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ments. The Domestic History has been chiefly a précis of the Debates in Parliament—a collection, in fact, of the speeches there in an abridged shape. It is intended, in future, to adopt a narrative form, and to write the Domestic History of the year in the same way in which the Foreign History has been written— taking care to notice all the important events in the order they have occurred. Improvements will be introduced in the mode of printing the work, and it is intended to name it in future “The Annual Register, New Series.” For the greater convenience of purchasers, each volume will be distinguished, not by a number, but by the year to which it relates. The Proprietors confidently trust that the improvements they contemplate, amongst which they hope to include an earlier appearance of the volumes, will make the work still more worthy of the public patronage which it has for upwards of a century enjoyed.

CONTENTS. ~

UNIVERSAL REGRET THRoughout THE BRITISH EMPIRE AT THE DEATH of

THE PRINCE Consort.—Effect of this sentiment on political events and

arty operations. The Session is opened, on the 6th of February, by
§...”. Lord Chancellor delivers the Royal Speech—Debates

on the Address to the Throne—Allusions to the recent national affliction

are made in almost all the speeches in both Houses—The Address is

moved in the House of Lords by Lord Dufferin, who pays an eloquent

tribute to Prince Albert's memory, and is seconded by the Earl of Shel-

burne—The Earl of Derby pronounces a brilliant eulogium on the illus-

trious deceased, and enters at some length on the American contest and

the Trent affair, approving the policy of neutrality avowed by our Go-

vernment—He refers also to the affairs of Mexico and of Morocco, and to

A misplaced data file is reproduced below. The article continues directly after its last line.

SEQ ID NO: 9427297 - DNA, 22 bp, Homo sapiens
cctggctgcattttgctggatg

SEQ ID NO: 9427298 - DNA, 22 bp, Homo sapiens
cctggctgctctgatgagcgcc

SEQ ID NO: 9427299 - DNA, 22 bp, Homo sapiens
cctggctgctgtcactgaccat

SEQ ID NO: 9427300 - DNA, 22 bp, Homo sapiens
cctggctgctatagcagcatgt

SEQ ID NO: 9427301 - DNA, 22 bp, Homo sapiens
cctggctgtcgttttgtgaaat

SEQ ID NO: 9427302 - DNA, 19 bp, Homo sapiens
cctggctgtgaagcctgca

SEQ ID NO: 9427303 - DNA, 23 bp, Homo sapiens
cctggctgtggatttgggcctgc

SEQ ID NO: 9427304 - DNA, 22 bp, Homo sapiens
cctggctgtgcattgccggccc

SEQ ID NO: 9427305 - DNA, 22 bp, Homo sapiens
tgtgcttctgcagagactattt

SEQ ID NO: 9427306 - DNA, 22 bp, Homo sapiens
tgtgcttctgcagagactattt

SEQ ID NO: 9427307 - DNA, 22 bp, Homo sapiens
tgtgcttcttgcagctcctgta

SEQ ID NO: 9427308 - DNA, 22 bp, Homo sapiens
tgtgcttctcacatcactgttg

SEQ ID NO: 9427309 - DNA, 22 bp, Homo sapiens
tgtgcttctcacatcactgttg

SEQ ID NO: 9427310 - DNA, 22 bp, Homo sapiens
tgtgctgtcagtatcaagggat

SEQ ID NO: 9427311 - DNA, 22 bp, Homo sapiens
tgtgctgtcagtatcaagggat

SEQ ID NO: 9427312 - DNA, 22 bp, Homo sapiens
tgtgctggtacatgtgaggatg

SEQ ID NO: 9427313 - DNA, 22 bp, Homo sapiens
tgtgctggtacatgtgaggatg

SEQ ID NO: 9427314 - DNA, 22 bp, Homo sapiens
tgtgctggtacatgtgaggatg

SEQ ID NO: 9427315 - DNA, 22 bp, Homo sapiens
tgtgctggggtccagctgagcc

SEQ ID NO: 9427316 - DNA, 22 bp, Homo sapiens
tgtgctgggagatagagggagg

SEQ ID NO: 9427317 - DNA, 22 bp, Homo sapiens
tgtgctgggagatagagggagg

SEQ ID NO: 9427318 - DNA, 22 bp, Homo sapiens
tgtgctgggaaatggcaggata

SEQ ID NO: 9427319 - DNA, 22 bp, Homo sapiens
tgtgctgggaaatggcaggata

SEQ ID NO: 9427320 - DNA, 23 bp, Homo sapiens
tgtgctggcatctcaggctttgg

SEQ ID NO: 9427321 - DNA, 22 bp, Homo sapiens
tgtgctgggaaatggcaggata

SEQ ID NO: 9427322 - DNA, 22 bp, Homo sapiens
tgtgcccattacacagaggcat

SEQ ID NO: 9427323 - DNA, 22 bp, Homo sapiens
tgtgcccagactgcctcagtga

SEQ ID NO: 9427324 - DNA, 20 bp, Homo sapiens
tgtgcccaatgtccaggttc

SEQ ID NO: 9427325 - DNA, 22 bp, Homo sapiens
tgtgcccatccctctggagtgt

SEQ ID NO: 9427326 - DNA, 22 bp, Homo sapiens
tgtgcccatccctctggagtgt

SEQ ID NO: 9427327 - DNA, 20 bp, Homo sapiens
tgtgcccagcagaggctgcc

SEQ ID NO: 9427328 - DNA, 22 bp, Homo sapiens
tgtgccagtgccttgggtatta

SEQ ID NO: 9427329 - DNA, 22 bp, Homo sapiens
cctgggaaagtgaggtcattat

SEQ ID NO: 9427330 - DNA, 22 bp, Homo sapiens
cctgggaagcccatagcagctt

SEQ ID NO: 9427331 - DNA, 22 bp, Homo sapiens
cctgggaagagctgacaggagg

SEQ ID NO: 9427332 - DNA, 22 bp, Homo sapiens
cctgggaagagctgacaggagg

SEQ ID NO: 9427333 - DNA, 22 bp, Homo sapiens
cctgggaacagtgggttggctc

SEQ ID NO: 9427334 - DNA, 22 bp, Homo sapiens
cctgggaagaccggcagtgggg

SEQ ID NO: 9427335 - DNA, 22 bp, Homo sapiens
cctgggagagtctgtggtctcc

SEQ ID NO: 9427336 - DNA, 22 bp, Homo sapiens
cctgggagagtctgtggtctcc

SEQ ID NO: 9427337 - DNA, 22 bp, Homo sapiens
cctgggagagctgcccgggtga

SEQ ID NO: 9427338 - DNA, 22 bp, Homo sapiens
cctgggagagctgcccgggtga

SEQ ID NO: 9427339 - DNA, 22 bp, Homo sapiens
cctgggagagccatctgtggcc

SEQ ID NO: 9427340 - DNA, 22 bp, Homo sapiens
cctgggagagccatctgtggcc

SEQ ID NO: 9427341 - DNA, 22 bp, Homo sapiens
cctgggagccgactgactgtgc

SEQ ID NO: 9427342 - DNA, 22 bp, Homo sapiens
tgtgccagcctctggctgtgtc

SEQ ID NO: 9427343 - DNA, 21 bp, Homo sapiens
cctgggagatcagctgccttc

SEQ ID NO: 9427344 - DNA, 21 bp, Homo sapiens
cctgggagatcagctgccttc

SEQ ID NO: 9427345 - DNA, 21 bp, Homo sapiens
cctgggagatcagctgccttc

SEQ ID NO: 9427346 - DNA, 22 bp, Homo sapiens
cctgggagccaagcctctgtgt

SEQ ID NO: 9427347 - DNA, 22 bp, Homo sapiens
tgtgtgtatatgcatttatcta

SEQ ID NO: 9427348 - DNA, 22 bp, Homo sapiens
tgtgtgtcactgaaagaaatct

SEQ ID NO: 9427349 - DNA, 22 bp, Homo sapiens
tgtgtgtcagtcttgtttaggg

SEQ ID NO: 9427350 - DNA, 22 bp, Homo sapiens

the Revised Code of Education—Earl Granville, on behalf of the Govern-

ment, acknowledges the candour and fairness of Lord Derby's remarks—

He announces an early day for the discussion of the Revised Code, and

responds to the panegyric on the Prince Consort—Earl Russell concurs in

the general expressions upon the latter subject, and enters at some length

upon American affairs. After a few words from Lord Kingsdown, the

Address is agreed to mem. con.—In the House of Commons the Address is

moved by Mr. Portman and seconded by Mr. Western Wood—The loss of the
Prince &o. the Trent affair and American war, and the Revised

Code of Education form the chief topics of remark–Speech of Mr. Dis-

raeli–Declaration of Lord Palmerston in regard to our policy towards

the United States—Mr. Maguire introduces the topic of distress in

Ireland—Sir Robert Peel, Secretary for Ireland, controverts his state-

ment, and an animated discussion ensues—The Address is agreed to

without a division. PRoceDURE of The House of CoMMONs—Mr. White

proposes a resolution in favour of a more methodical regulation of public

business in the House—Sir George Grey, Mr. Walpole, Mr. Disraeli, Sir

George Lewis, and Lord Palmerston take part in the discussion, which

terminates without result. NATIONAL EDUCATION. THE REVISED Code.

In the House of Lords, Earl Granville, on the 13th of February, makes a

full statement of the grounds on which the recent Minutes had been

founded—His speech—Remarks of the Earl of Derby—Further discussion

of the subject deferred—On the same day, Mr. Lowe gives a similar ex-

planation of the New Code in the House of Commons, and vindicates the

measures of the Committee of Council–Speeches of Mr. Disraeli, Sir